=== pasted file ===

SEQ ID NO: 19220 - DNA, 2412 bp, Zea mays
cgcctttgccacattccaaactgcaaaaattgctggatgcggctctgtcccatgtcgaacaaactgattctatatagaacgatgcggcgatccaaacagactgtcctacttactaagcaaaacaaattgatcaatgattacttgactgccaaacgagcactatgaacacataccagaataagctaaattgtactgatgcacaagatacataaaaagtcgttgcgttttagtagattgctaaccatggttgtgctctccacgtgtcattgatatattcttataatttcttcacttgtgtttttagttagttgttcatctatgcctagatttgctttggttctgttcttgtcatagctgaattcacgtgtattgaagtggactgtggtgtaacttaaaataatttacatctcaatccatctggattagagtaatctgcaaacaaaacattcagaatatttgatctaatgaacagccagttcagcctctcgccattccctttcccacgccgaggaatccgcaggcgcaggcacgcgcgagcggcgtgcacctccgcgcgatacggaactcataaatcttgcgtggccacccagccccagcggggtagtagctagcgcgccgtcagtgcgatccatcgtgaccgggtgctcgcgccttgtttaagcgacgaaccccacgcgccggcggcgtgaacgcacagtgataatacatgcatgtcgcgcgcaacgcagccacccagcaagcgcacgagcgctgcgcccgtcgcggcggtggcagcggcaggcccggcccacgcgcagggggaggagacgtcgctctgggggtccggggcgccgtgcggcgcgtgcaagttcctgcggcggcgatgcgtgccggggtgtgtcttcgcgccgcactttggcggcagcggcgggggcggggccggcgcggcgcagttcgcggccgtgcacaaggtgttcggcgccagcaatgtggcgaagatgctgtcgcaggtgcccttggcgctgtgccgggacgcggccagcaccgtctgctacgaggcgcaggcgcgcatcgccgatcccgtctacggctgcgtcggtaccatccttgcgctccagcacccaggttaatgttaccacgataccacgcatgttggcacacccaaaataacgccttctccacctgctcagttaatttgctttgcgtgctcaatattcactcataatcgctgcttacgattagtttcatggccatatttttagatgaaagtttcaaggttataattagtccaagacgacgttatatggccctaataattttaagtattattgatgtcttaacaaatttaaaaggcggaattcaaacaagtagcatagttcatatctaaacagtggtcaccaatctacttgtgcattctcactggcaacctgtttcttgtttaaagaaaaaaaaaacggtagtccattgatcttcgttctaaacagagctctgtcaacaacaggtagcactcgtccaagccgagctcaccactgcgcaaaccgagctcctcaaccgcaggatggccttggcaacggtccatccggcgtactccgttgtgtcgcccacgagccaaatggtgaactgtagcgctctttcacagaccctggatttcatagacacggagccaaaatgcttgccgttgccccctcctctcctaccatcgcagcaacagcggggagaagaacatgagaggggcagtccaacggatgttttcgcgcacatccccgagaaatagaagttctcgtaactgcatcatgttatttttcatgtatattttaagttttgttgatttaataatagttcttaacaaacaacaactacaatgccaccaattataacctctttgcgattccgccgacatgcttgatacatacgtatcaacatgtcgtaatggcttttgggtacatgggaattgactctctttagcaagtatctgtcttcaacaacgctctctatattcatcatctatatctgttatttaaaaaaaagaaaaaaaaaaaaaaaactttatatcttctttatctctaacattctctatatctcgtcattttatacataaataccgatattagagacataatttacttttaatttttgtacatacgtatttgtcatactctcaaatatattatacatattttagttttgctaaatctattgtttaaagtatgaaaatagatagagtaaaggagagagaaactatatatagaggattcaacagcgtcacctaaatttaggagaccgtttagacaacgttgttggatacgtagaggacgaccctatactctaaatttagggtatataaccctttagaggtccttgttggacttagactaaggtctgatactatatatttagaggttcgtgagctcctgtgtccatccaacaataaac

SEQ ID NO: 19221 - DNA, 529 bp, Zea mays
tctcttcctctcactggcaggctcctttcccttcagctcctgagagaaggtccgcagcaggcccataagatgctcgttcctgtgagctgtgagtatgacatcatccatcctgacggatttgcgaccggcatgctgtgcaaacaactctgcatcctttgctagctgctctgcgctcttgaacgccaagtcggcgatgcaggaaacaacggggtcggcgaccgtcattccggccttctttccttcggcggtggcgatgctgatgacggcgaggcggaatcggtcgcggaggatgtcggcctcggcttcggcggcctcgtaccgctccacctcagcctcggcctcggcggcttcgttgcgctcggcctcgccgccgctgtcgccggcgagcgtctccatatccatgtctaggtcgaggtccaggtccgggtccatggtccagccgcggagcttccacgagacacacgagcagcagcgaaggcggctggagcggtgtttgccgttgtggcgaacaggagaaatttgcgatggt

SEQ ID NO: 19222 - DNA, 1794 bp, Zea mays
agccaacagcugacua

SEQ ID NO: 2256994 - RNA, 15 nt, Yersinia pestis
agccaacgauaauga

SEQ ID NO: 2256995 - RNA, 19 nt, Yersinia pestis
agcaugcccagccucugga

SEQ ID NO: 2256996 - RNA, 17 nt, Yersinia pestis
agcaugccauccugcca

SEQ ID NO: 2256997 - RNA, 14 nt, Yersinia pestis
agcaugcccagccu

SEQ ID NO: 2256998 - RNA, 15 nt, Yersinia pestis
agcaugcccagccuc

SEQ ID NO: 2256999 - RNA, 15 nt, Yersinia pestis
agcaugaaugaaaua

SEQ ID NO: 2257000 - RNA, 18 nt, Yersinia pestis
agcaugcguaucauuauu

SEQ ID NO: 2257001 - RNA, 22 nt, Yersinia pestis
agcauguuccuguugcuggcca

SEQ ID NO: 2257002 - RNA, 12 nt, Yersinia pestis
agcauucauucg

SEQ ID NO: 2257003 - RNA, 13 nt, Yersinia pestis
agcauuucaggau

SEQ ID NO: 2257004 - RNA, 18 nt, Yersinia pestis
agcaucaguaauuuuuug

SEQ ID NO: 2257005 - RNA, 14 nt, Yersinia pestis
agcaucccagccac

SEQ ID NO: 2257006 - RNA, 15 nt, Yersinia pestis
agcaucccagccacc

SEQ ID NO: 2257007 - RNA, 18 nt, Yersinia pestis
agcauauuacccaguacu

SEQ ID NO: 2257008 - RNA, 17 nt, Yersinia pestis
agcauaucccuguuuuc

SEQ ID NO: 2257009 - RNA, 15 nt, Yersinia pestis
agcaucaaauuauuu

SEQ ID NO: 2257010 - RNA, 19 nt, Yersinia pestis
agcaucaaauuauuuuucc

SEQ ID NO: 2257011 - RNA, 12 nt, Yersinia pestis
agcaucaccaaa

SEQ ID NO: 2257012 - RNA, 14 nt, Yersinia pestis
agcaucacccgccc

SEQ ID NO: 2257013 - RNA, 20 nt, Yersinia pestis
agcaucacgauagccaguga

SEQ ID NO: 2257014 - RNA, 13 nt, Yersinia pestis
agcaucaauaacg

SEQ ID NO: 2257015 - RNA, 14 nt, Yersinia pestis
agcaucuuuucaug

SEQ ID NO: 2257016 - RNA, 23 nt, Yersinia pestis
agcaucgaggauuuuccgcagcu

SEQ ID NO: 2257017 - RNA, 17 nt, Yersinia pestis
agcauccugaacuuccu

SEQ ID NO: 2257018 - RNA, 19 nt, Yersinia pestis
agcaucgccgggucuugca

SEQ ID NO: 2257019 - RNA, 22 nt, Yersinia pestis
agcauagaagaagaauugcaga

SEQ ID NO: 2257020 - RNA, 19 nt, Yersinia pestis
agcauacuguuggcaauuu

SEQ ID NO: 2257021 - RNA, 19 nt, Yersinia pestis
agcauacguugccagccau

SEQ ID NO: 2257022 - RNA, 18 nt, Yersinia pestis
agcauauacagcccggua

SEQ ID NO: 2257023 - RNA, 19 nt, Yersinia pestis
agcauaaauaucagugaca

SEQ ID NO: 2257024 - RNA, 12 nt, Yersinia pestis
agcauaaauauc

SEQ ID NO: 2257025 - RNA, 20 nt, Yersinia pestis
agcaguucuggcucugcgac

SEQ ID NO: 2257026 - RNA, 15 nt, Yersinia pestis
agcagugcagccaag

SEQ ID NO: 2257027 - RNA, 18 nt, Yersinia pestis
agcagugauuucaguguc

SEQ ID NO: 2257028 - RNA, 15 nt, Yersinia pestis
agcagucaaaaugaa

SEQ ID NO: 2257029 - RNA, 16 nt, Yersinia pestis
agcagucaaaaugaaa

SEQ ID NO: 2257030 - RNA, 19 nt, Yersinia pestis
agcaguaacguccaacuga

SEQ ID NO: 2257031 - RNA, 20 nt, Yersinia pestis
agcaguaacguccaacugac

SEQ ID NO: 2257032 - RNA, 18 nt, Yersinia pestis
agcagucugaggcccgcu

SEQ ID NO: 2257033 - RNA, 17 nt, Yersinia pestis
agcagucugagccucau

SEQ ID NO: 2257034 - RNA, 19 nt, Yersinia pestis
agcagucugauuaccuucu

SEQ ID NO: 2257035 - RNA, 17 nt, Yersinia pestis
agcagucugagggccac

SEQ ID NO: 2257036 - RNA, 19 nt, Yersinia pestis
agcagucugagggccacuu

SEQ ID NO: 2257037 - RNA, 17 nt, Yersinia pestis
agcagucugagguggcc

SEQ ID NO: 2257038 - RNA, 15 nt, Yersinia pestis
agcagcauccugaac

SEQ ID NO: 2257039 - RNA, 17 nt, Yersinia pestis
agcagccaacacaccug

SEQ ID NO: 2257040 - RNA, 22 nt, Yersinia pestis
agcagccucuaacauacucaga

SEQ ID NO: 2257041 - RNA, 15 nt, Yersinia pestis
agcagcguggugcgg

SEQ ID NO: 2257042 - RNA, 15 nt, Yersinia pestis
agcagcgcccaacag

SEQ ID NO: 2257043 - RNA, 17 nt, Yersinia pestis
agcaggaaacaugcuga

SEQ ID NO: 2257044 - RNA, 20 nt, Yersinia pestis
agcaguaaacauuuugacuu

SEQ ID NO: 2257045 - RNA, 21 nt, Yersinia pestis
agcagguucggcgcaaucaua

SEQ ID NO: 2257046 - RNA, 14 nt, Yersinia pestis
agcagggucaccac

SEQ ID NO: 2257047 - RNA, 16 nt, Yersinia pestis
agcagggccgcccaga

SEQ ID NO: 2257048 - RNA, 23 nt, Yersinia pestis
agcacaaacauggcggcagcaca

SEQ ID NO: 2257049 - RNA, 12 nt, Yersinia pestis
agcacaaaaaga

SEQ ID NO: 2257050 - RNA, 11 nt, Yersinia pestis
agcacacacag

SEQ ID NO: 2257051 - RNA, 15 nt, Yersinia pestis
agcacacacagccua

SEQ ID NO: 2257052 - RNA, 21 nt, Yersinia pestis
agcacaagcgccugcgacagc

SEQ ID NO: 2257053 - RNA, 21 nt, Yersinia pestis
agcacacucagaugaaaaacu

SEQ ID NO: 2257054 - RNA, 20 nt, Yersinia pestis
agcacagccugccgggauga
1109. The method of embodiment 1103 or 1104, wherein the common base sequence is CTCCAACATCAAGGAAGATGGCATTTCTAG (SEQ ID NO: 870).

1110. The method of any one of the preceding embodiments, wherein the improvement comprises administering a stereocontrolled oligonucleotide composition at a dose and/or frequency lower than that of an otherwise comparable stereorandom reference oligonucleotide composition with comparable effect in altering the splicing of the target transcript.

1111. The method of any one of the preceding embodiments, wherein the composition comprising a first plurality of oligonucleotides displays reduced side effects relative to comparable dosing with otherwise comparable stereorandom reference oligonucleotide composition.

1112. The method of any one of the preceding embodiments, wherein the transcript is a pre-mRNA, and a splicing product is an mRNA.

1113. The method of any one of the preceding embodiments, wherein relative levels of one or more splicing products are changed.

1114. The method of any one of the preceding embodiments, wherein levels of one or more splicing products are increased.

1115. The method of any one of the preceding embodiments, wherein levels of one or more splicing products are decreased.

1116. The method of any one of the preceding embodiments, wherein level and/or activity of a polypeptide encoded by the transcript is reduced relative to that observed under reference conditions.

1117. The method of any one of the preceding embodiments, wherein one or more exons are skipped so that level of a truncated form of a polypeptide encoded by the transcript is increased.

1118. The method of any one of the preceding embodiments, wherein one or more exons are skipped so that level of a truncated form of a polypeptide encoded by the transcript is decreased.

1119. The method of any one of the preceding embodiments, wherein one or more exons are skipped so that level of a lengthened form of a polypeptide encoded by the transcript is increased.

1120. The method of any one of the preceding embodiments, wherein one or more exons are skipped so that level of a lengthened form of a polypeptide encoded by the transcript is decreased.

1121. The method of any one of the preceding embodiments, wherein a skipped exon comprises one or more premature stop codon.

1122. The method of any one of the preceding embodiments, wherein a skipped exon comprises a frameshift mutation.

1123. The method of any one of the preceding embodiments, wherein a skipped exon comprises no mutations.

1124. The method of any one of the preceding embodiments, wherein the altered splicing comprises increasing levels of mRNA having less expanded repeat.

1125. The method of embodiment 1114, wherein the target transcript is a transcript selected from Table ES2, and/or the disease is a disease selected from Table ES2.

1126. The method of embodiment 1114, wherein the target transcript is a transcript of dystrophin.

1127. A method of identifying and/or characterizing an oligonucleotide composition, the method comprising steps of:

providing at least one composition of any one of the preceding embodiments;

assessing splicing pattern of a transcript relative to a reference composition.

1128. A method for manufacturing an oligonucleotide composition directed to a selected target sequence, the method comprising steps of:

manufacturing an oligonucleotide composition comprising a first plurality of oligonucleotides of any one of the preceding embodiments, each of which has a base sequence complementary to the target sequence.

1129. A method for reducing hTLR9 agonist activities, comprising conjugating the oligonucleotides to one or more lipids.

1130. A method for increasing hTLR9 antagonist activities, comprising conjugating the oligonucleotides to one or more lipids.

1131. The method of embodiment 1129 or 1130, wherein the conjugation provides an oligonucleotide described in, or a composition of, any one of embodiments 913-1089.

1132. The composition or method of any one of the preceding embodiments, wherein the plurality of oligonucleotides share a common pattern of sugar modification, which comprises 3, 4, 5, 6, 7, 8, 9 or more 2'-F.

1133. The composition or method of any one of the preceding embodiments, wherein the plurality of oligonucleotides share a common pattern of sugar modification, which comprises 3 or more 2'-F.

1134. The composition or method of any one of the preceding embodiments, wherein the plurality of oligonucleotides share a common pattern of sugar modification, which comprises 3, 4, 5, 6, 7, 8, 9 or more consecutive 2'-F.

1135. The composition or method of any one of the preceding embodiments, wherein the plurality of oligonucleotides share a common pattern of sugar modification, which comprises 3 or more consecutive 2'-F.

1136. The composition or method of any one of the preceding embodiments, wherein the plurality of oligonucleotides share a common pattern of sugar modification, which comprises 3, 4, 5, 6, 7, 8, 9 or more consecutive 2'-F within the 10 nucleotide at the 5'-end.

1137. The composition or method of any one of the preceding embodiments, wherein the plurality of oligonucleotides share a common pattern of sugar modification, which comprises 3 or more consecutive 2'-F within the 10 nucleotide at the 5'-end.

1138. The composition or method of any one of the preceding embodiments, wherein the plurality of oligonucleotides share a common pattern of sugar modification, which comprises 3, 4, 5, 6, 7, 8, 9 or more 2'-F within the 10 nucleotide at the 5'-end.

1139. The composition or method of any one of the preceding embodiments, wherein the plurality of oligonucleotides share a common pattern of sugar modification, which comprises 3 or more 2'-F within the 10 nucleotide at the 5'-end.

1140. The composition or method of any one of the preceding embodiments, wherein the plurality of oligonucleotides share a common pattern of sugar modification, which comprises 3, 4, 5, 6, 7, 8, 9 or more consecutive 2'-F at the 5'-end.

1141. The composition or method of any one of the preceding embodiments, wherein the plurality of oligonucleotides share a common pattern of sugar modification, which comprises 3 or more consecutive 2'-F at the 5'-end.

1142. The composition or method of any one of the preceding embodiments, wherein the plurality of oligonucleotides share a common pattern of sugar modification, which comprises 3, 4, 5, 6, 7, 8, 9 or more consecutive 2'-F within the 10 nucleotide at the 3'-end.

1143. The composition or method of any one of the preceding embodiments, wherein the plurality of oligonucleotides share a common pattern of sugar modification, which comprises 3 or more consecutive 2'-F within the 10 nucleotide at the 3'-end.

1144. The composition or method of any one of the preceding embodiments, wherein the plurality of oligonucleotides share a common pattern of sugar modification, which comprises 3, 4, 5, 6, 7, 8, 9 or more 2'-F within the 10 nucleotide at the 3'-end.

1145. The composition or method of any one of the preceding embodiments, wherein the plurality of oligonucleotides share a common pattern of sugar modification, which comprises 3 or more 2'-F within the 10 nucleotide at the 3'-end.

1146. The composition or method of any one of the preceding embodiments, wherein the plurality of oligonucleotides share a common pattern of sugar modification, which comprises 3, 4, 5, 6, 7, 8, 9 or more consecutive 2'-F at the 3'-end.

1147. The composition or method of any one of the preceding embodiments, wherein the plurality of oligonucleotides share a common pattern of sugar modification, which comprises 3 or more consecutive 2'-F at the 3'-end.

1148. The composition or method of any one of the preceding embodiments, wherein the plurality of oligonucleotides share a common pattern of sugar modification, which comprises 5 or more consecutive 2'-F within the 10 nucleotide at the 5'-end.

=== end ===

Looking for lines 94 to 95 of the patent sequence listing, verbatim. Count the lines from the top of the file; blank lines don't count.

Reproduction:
agcagucugagguggcc

SEQ ID NO: 2257038 - RNA, 15 nt, Yersinia pestis